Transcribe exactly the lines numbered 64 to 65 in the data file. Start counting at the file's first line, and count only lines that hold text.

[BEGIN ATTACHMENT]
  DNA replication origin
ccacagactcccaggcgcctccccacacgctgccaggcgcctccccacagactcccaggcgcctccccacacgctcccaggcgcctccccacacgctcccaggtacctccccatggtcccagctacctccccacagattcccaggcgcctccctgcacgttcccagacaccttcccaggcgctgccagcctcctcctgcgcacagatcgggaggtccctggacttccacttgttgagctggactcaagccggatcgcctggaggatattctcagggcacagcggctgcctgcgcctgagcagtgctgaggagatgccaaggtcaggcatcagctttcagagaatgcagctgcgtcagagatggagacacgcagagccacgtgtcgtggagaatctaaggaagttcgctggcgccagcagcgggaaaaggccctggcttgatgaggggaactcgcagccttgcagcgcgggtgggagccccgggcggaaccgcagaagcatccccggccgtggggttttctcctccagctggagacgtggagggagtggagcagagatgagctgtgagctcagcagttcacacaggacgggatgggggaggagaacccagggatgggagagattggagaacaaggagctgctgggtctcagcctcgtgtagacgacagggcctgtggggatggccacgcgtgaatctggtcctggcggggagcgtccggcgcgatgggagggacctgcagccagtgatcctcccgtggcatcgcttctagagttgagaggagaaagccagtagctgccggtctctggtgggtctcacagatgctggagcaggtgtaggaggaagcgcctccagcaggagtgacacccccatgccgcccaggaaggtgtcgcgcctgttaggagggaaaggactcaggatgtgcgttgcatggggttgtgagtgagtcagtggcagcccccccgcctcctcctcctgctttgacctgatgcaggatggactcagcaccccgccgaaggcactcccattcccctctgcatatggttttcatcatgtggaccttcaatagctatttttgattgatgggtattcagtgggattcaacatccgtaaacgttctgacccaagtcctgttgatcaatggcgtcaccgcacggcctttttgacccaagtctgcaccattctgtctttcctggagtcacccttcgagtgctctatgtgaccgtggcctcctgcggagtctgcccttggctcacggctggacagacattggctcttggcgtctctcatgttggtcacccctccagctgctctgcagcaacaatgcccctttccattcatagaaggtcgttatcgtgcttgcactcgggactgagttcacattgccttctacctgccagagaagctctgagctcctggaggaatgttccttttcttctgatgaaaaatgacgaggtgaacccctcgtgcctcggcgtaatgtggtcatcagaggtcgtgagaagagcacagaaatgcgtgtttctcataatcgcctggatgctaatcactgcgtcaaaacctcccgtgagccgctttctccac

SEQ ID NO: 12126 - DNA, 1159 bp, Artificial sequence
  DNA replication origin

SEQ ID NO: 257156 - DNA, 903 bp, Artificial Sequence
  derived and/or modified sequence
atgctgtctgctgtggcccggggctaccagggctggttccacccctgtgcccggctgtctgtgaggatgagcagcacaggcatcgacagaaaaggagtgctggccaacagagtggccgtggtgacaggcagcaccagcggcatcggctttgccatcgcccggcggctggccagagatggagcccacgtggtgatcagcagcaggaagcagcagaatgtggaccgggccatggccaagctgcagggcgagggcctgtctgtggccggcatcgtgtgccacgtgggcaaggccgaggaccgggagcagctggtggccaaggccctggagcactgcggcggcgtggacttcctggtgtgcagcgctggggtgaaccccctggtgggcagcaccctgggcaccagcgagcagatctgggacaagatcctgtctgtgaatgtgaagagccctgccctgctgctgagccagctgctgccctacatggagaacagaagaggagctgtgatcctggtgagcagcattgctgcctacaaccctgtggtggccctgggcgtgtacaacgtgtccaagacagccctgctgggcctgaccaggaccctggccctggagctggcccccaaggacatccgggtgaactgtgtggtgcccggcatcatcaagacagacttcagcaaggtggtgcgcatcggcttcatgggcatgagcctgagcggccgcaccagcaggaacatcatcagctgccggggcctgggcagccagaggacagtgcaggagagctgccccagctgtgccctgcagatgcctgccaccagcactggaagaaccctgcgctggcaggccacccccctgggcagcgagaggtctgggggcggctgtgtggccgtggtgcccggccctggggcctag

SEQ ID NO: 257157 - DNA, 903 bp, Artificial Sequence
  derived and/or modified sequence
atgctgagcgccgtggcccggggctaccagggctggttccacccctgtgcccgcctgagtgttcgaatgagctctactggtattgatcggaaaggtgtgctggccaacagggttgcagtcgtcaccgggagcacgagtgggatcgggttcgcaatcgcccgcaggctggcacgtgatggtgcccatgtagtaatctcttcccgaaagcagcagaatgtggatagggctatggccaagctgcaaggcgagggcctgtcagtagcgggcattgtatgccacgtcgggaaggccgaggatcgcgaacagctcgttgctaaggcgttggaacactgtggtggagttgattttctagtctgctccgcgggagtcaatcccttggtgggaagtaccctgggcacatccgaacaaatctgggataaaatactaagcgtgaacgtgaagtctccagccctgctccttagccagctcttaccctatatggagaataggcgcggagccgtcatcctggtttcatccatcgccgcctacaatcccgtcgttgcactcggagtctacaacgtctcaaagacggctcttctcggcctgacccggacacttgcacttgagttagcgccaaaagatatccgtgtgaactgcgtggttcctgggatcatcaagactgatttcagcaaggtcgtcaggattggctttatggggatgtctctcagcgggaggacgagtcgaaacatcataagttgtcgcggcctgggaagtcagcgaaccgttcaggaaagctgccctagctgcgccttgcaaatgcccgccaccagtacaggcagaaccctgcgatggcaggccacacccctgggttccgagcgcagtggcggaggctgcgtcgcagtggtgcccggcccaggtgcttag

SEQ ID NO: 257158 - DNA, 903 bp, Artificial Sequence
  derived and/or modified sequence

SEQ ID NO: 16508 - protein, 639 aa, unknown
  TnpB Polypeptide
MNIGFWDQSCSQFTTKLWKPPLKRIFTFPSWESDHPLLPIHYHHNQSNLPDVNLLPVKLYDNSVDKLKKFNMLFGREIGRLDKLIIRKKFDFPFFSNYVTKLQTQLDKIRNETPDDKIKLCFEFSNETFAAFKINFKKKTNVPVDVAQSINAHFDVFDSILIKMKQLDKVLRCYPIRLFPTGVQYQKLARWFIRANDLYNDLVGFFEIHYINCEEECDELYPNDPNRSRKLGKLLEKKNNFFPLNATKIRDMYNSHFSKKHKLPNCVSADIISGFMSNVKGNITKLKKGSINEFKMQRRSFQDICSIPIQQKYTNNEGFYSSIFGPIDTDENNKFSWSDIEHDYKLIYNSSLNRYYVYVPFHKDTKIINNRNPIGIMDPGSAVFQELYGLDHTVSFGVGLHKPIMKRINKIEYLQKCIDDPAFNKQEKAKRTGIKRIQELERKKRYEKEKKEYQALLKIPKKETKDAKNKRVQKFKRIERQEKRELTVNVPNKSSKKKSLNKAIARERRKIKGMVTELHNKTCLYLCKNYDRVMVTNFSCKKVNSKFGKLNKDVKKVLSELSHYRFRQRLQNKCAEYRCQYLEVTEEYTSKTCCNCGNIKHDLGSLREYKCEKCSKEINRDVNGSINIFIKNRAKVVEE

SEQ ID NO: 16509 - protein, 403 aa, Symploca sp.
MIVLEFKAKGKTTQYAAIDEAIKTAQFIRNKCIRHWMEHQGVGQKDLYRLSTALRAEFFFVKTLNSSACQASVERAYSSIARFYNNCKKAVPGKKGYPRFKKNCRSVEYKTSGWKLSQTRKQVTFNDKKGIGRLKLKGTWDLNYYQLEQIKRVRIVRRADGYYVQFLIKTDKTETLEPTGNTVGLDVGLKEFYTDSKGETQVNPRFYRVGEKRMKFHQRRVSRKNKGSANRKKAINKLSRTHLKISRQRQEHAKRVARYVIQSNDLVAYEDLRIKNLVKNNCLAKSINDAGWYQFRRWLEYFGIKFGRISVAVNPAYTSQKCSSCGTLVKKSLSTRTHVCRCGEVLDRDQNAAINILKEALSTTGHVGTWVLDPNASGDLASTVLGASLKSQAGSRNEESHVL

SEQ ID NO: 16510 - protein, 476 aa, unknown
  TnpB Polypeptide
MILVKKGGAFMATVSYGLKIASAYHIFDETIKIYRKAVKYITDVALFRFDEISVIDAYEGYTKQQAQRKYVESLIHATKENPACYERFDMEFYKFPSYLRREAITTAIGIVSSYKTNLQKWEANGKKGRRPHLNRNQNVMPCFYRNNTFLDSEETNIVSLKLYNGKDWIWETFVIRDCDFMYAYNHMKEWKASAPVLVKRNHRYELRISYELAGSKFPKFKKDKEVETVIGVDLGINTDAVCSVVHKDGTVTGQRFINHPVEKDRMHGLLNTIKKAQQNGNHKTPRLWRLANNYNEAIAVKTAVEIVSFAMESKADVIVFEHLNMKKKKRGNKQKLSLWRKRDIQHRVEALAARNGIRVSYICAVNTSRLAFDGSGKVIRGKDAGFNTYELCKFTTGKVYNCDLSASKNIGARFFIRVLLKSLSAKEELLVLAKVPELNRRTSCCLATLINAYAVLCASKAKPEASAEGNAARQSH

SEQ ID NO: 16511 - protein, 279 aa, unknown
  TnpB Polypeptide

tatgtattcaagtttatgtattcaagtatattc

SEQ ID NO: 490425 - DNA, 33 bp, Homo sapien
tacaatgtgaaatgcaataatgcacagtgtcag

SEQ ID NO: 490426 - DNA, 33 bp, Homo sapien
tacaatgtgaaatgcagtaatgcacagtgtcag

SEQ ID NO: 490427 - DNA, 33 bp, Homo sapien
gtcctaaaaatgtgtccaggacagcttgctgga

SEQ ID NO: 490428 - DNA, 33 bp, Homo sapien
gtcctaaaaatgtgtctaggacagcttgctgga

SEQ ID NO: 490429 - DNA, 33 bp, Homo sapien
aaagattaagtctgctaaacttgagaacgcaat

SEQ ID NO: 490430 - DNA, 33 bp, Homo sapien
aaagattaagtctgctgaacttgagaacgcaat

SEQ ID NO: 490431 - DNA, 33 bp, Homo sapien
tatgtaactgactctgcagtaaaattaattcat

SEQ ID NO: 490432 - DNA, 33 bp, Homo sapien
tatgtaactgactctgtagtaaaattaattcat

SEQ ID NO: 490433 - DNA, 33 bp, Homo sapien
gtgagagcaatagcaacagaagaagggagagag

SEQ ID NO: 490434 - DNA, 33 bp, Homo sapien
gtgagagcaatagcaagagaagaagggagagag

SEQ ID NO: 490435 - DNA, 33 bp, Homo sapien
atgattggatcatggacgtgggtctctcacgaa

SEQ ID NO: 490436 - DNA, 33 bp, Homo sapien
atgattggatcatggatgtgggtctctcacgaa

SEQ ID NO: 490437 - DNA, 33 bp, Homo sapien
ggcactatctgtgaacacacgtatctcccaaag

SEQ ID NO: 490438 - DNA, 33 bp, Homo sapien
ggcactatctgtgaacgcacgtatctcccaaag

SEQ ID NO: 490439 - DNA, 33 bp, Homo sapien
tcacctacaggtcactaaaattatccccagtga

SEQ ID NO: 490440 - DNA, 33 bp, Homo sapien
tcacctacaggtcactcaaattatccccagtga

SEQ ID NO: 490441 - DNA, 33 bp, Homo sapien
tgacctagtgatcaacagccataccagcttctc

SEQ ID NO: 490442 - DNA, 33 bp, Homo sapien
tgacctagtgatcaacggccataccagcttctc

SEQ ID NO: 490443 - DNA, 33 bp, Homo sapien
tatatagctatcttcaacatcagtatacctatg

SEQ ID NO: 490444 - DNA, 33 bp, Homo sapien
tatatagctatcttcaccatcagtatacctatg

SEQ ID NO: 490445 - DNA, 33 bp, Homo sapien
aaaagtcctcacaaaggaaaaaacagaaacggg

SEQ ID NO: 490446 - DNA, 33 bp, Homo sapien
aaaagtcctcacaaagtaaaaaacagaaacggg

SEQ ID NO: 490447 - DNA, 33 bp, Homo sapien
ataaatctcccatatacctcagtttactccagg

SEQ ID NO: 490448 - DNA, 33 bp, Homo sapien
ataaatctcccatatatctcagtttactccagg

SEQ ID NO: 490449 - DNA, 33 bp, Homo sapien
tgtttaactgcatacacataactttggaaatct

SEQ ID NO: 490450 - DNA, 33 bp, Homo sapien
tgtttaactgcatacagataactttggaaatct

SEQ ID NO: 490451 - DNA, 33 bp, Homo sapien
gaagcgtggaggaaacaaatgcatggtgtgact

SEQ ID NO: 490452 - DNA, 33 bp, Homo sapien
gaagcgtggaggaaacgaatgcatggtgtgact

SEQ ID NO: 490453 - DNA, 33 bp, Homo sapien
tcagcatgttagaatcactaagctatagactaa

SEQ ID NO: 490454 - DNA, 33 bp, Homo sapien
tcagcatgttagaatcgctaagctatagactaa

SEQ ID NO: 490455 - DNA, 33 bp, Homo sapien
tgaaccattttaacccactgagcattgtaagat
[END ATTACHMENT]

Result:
SEQ ID NO: 490445 - DNA, 33 bp, Homo sapien
aaaagtcctcacaaaggaaaaaacagaaacggg